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MANAGING THE OFFICE

Creating the right spaces for your post-pandemic law office

Staff have returned to law offices this summer, with more likely return in the fall. But the pre-pandemic office design might not work anymore, with some staff continuing full-time telework, others opting for part-time presence in the office—and many accustomed to the freedom they enjoyed while working from home. Allwork.Space, a company that focuses on what it calls The Future of Work, has this advice for reconfiguring offices for today’s needs: The open office may be a thing of the past. Large, one-size-fits-all spaces certainly don’t fit all needs, and can negatively impact productivity. Buildings may be static, but people are dynamic, so physical design must account for the motion of people through the static space. Re-designing your space for activity-based working can improve the workplace experience by better meeting… . . . read more

MANAGING THE OFFICE

The top 8 policies to include in your employee handbook

By Krystal Barghelame  What is an employee handbook? An employee handbook is an important living document for your employees that outlines your company policies, history, and culture for current and future employees. Although 87% of businesses with 10 to 200 employees have employee handbooks, HR experts agree that it’s best practice to start a handbook as soon as you hire your first employee, because it defines expectations and can protect you legally. Here are the main policies you’ll want to record in that employee handbook: Onboarding and joining the team One of the top motivations for businesses to create an employee handbook is to train new hires. So, kick things off by laying out the basics that every employee should know before coming through the front door. The employee onboarding section… . . . read more

MANAGING THE OFFICE

TO DOs: Your May office checklist

It can be difficult to focus on work this month. May is when many of us come down with spring fever, yearning to get outside in the garden or on the hiking trails. Added this year is the anticipation life might be heading to some sort of normal after more than a year of COVID-19 restrictions, but uncertainty about planning activities. Start planning coverages for summer vacations. Many firms do not use temporary legal assistants or secretaries anymore. With stepped up efficiencies in the office, legal assistants or secretaries are often assigned to cover for an attorney while another staff member is out of the office. Looking at the schedules for the coming months now will ensure that there is sufficient coverage. If outside help is necessary, now is the… . . . read more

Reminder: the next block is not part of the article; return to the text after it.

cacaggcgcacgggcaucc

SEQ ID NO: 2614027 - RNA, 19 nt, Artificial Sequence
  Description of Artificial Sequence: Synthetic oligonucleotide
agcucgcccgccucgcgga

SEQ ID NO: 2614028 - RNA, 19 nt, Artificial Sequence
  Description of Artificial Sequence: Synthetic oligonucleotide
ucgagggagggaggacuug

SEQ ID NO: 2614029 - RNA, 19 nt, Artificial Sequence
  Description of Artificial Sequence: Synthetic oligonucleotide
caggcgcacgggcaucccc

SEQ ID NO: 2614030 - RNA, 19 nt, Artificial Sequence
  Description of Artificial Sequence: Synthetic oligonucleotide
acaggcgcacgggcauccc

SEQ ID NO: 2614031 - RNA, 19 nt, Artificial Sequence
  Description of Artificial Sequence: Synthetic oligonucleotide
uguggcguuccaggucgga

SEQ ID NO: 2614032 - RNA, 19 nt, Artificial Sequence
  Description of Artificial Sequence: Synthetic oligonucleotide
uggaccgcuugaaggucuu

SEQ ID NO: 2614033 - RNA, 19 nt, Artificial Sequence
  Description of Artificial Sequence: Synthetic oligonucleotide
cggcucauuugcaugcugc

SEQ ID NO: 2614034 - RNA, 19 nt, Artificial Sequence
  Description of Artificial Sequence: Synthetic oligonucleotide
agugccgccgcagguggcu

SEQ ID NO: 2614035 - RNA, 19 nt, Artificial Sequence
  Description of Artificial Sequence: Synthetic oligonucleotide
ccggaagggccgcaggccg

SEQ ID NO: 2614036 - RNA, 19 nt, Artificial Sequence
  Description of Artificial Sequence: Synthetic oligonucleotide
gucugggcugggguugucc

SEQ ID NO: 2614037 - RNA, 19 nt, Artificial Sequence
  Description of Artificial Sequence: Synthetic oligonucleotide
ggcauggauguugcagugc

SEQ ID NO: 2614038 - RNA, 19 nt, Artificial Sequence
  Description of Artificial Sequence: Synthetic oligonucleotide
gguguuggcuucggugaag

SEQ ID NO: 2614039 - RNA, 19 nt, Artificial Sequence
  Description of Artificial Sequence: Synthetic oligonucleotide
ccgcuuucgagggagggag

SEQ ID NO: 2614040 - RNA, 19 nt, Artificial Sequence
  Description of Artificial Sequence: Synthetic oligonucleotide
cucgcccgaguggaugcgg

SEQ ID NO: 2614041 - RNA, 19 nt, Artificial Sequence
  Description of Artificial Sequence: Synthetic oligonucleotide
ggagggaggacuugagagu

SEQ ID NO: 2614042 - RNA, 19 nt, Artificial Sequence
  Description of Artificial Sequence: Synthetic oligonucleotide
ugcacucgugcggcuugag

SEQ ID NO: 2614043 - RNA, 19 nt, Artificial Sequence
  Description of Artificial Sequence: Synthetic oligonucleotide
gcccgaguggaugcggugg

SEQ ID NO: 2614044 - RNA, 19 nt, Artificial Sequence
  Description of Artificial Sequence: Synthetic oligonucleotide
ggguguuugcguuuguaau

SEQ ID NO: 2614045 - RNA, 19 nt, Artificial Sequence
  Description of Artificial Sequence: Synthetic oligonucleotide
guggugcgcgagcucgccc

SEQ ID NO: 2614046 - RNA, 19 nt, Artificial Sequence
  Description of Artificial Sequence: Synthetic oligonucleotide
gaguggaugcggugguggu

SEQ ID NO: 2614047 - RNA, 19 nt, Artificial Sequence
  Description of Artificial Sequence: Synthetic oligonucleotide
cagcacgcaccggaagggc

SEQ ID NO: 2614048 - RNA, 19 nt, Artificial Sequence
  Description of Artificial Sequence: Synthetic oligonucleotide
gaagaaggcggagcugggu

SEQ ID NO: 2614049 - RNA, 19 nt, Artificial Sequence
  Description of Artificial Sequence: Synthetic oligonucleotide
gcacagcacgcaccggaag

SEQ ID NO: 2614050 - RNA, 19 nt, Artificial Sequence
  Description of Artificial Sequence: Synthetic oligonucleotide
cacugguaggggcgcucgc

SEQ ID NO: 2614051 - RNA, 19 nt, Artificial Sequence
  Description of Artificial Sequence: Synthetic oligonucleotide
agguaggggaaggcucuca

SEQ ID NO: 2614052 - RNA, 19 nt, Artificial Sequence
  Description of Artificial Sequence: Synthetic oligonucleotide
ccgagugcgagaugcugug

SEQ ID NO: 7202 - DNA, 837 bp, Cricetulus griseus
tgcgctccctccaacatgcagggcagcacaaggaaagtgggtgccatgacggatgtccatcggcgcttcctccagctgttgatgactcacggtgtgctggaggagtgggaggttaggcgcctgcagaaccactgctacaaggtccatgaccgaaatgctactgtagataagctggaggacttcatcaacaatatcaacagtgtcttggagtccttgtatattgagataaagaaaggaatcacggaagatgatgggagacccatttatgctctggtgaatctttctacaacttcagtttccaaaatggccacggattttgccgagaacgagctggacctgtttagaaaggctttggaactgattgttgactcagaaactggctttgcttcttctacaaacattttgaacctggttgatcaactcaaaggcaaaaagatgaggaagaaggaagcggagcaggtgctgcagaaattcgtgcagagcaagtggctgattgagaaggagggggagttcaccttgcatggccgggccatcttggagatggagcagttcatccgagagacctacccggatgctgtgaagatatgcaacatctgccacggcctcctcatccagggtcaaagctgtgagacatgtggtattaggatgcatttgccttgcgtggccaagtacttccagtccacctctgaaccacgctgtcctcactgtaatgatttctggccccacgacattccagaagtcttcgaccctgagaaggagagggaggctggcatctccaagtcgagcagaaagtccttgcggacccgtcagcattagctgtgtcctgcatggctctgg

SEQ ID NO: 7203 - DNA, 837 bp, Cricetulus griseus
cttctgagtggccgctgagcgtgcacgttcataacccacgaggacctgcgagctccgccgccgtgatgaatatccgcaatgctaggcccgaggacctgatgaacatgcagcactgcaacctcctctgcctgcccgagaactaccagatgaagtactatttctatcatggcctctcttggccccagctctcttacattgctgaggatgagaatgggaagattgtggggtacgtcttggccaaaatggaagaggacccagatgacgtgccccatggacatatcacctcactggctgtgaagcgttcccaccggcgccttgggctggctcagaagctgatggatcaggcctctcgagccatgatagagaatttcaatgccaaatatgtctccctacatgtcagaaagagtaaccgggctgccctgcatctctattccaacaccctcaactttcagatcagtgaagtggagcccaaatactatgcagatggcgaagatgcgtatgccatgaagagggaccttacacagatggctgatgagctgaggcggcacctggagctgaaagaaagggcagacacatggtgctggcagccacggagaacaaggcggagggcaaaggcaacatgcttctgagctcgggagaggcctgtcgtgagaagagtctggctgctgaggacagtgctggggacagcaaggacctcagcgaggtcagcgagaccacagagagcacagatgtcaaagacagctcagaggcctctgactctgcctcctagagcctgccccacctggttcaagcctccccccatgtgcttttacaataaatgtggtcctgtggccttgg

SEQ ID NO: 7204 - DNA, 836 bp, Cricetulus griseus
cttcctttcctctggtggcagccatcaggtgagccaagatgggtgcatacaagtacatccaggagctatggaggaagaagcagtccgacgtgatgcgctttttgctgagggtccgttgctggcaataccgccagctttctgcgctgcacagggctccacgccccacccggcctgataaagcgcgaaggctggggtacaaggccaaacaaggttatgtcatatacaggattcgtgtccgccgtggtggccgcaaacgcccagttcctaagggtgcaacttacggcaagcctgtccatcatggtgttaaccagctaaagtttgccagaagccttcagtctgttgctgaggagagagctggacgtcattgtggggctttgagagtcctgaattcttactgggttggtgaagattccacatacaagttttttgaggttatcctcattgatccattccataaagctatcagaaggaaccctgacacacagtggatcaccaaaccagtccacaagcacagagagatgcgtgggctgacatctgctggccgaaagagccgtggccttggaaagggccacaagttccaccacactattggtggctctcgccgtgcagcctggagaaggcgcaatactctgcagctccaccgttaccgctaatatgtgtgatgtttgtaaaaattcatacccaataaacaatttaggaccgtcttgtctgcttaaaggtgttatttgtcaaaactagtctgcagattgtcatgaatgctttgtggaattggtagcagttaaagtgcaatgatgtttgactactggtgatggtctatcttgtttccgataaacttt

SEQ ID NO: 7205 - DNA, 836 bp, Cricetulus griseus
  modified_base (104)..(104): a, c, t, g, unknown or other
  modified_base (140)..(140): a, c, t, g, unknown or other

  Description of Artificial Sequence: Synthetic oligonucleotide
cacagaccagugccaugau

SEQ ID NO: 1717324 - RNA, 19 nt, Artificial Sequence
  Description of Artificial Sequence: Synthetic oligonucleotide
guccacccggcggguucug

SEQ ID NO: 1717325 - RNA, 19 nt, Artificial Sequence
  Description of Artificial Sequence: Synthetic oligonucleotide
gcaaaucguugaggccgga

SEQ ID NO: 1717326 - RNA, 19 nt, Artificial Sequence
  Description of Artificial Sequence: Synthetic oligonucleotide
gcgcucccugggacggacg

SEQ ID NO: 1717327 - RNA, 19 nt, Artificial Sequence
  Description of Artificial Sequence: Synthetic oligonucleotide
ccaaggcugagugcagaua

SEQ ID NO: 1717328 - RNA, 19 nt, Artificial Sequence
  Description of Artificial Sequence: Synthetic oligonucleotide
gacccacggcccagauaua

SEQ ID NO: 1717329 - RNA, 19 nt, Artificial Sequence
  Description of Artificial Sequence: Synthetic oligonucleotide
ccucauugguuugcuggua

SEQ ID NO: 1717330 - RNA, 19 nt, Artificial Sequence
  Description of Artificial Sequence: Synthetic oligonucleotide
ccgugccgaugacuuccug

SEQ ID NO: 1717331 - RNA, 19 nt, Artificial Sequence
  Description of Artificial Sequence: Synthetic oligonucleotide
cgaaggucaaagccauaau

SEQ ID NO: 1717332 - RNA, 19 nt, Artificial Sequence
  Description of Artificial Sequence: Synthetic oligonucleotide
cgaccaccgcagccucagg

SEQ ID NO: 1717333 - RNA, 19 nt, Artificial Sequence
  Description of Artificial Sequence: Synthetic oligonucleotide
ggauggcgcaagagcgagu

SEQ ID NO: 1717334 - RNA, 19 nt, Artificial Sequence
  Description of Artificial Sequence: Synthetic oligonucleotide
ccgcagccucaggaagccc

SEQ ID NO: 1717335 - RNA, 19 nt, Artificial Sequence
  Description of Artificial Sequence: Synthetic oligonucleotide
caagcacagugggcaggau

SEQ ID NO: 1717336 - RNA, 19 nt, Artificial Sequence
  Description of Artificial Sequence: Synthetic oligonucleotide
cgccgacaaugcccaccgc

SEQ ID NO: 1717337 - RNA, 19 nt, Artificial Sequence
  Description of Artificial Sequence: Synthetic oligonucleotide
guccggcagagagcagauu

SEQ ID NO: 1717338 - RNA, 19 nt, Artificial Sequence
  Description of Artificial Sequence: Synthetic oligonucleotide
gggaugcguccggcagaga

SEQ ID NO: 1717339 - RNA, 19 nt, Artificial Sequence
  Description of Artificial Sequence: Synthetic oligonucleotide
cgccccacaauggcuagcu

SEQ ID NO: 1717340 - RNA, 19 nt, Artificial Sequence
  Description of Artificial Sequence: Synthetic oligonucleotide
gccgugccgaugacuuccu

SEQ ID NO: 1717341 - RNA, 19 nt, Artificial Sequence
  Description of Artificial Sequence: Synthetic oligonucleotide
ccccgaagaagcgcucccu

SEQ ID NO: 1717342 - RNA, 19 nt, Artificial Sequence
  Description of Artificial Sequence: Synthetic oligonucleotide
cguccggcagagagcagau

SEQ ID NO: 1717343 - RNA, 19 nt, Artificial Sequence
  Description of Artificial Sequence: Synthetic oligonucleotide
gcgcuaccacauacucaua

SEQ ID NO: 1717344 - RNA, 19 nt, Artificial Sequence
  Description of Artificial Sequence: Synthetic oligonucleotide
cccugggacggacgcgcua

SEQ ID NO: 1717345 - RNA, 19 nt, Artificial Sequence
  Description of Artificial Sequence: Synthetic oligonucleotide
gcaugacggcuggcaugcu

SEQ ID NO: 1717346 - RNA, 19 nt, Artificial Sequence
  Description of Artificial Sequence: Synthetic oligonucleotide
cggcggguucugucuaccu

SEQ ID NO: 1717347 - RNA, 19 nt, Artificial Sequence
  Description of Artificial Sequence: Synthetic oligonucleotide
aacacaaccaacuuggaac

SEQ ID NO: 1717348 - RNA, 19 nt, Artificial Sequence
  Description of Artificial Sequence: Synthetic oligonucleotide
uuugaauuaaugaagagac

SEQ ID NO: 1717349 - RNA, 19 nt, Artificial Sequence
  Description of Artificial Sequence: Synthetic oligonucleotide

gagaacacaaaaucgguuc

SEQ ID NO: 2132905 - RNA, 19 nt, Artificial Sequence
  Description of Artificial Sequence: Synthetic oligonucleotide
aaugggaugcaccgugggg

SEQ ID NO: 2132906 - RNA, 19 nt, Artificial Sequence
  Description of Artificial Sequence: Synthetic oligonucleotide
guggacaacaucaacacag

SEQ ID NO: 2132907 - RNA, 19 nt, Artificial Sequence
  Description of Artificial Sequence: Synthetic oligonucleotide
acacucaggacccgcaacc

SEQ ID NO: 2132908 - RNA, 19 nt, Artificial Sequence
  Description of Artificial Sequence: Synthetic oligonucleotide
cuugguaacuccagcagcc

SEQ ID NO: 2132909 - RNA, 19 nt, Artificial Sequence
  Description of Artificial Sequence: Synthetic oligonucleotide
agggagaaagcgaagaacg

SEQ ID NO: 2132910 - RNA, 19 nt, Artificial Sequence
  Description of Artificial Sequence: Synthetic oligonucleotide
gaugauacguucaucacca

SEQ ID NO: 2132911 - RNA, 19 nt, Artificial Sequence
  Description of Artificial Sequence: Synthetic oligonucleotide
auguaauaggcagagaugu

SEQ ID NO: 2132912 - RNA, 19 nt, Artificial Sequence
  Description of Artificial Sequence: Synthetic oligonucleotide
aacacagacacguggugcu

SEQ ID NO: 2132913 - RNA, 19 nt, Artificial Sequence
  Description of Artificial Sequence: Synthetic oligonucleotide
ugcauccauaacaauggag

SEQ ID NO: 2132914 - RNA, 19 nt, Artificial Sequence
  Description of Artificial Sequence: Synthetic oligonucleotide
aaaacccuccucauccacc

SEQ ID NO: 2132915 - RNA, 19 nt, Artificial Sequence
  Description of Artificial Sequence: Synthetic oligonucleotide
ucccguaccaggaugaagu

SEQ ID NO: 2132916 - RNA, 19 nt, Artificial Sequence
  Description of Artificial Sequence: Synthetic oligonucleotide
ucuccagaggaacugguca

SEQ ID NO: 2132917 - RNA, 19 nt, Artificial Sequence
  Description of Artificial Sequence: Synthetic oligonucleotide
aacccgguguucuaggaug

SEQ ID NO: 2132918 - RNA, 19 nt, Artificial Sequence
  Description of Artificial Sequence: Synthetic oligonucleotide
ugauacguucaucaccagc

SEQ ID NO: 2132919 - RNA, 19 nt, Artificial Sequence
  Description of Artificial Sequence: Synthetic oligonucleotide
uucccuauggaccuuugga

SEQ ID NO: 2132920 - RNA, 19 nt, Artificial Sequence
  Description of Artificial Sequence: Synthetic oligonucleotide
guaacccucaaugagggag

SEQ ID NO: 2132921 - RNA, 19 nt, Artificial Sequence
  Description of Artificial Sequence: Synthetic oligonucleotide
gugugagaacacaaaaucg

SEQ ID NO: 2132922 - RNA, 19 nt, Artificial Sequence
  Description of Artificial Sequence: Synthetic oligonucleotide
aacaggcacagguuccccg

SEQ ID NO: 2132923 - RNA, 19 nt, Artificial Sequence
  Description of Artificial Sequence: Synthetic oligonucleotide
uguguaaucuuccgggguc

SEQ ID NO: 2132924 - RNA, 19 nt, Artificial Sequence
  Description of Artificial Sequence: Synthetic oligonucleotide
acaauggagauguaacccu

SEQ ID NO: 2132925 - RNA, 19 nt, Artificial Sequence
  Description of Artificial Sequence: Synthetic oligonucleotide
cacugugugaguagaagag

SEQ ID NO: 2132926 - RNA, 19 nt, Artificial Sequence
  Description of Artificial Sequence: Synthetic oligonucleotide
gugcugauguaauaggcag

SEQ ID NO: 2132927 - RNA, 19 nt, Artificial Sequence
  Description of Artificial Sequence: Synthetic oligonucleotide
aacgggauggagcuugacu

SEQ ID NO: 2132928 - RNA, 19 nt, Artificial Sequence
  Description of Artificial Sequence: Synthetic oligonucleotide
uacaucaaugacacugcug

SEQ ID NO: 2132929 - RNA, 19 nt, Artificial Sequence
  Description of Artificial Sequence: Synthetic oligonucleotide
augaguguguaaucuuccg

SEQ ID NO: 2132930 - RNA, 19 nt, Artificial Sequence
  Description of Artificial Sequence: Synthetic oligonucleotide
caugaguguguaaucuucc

SURVEY SAYS

Tech, talent search and space reduction drive law firm changes

Change is a fact of life for law firms today, and leadership is fully aware—three in four survey respondents noted their firm’s partners are receptive to change. This need for change centers around two central premises: the need to improve real estate efficiency to stay lean and cost-competitive, and the need to evolve to attract talent and accommodate new ways of working. Despite these initiatives, the majority of respondents to a recent survey by Gensler Research Institute reported that their firm continues to lease more space than is necessary. Larger firms are more likely to have excess space on their books. Recently designed firms are less likely to have excess space, confirming the focus on space reduction in recent years—though even among those whose offices have been redesigned recently, one in… . . . read more

MANAGING THE OFFICE

Checklist: How to evaluate an office space for a move